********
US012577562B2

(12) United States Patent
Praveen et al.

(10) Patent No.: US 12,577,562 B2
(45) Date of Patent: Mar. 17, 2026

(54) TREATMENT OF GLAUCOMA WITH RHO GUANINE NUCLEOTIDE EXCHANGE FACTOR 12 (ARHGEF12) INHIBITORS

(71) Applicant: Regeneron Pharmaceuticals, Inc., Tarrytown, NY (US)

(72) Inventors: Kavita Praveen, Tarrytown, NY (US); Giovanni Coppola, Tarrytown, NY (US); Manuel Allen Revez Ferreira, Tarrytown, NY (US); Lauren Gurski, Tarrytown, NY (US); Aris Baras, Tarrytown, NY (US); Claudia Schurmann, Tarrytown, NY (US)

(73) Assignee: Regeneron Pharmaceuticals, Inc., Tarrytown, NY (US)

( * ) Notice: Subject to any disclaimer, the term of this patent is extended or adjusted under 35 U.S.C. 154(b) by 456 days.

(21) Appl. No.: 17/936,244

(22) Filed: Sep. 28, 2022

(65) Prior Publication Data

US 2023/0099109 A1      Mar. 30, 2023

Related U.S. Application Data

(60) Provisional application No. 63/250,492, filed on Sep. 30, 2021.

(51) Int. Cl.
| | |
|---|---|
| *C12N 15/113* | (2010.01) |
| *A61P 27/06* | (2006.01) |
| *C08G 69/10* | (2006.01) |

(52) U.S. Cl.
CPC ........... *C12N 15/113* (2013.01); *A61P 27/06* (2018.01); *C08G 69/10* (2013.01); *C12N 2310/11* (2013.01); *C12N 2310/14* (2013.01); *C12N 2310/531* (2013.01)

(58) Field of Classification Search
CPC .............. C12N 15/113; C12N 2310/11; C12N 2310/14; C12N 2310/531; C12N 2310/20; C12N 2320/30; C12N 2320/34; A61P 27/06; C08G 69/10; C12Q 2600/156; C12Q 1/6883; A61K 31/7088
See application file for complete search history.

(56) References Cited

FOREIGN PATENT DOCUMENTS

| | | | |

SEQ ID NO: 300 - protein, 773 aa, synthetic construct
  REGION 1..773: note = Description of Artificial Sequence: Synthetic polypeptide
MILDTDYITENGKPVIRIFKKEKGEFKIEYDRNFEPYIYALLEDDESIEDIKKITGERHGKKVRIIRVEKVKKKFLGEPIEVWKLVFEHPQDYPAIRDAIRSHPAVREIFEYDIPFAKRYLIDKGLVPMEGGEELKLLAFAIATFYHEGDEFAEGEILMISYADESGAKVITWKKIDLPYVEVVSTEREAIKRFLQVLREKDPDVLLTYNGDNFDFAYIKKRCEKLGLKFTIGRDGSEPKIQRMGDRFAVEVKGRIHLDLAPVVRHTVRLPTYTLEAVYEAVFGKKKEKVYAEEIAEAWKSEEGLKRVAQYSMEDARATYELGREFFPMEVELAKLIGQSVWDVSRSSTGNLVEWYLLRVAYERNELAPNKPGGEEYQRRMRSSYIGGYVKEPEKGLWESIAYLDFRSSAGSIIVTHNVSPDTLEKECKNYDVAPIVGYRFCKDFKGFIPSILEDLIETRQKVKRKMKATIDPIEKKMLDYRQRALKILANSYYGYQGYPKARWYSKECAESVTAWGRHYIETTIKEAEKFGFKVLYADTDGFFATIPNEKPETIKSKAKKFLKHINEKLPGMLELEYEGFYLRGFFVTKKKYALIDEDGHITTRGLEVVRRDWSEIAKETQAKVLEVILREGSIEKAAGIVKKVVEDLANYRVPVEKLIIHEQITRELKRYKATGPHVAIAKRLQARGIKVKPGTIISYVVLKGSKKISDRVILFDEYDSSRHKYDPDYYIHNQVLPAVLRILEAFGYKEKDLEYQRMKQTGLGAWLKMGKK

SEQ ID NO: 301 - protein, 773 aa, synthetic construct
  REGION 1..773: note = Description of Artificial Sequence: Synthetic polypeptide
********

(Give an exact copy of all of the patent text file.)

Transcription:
US012577562B2

(12) United States Patent
Praveen et al.

(10) Patent No.: US 12,577,562 B2
(45) Date of Patent: Mar. 17, 2026

(54) TREATMENT OF GLAUCOMA WITH RHO GUANINE NUCLEOTIDE EXCHANGE FACTOR 12 (ARHGEF12) INHIBITORS

(71) Applicant: Regeneron Pharmaceuticals, Inc., Tarrytown, NY (US)

(72) Inventors: Kavita Praveen, Tarrytown, NY (US); Giovanni Coppola, Tarrytown, NY (US); Manuel Allen Revez Ferreira, Tarrytown, NY (US); Lauren Gurski, Tarrytown, NY (US); Aris Baras, Tarrytown, NY (US); Claudia Schurmann, Tarrytown, NY (US)

(73) Assignee: Regeneron Pharmaceuticals, Inc., Tarrytown, NY (US)

( * ) Notice: Subject to any disclaimer, the term of this patent is extended or adjusted under 35 U.S.C. 154(b) by 456 days.

(21) Appl. No.: 17/936,244

(22) Filed: Sep. 28, 2022

(65) Prior Publication Data

US 2023/0099109 A1      Mar. 30, 2023

Related U.S. Application Data

(60) Provisional application No. 63/250,492, filed on Sep. 30, 2021.

(51) Int. Cl.
| | |
|---|---|
| *C12N 15/113* | (2010.01) |
| *A61P 27/06* | (2006.01) |
| *C08G 69/10* | (2006.01) |

(52) U.S. Cl.
CPC ........... *C12N 15/113* (2013.01); *A61P 27/06* (2018.01); *C08G 69/10* (2013.01); *C12N 2310/11* (2013.01); *C12N 2310/14* (2013.01); *C12N 2310/531* (2013.01)

(58) Field of Classification Search
CPC .............. C12N 15/113; C12N 2310/11; C12N 2310/14; C12N 2310/531; C12N 2310/20; C12N 2320/30; C12N 2320/34; A61P 27/06; C08G 69/10; C12Q 2600/156; C12Q 1/6883; A61K 31/7088
See application file for complete search history.

(56) References Cited

FOREIGN PATENT DOCUMENTS

| | | | |

SEQ ID NO: 300 - protein, 773 aa, synthetic construct
  REGION 1..773: note = Description of Artificial Sequence: Synthetic polypeptide
MILDTDYITENGKPVIRIFKKEKGEFKIEYDRNFEPYIYALLEDDESIEDIKKITGERHGKKVRIIRVEKVKKKFLGEPIEVWKLVFEHPQDYPAIRDAIRSHPAVREIFEYDIPFAKRYLIDKGLVPMEGGEELKLLAFAIATFYHEGDEFAEGEILMISYADESGAKVITWKKIDLPYVEVVSTEREAIKRFLQVLREKDPDVLLTYNGDNFDFAYIKKRCEKLGLKFTIGRDGSEPKIQRMGDRFAVEVKGRIHLDLAPVVRHTVRLPTYTLEAVYEAVFGKKKEKVYAEEIAEAWKSEEGLKRVAQYSMEDARATYELGREFFPMEVELAKLIGQSVWDVSRSSTGNLVEWYLLRVAYERNELAPNKPGGEEYQRRMRSSYIGGYVKEPEKGLWESIAYLDFRSSAGSIIVTHNVSPDTLEKECKNYDVAPIVGYRFCKDFKGFIPSILEDLIETRQKVKRKMKATIDPIEKKMLDYRQRALKILANSYYGYQGYPKARWYSKECAESVTAWGRHYIETTIKEAEKFGFKVLYADTDGFFATIPNEKPETIKSKAKKFLKHINEKLPGMLELEYEGFYLRGFFVTKKKYALIDEDGHITTRGLEVVRRDWSEIAKETQAKVLEVILREGSIEKAAGIVKKVVEDLANYRVPVEKLIIHEQITRELKRYKATGPHVAIAKRLQARGIKVKPGTIISYVVLKGSKKISDRVILFDEYDSSRHKYDPDYYIHNQVLPAVLRILEAFGYKEKDLEYQRMKQTGLGAWLKMGKK

SEQ ID NO: 301 - protein, 773 aa, synthetic construct
  REGION 1..773: note = Description of Artificial Sequence: Synthetic polypeptide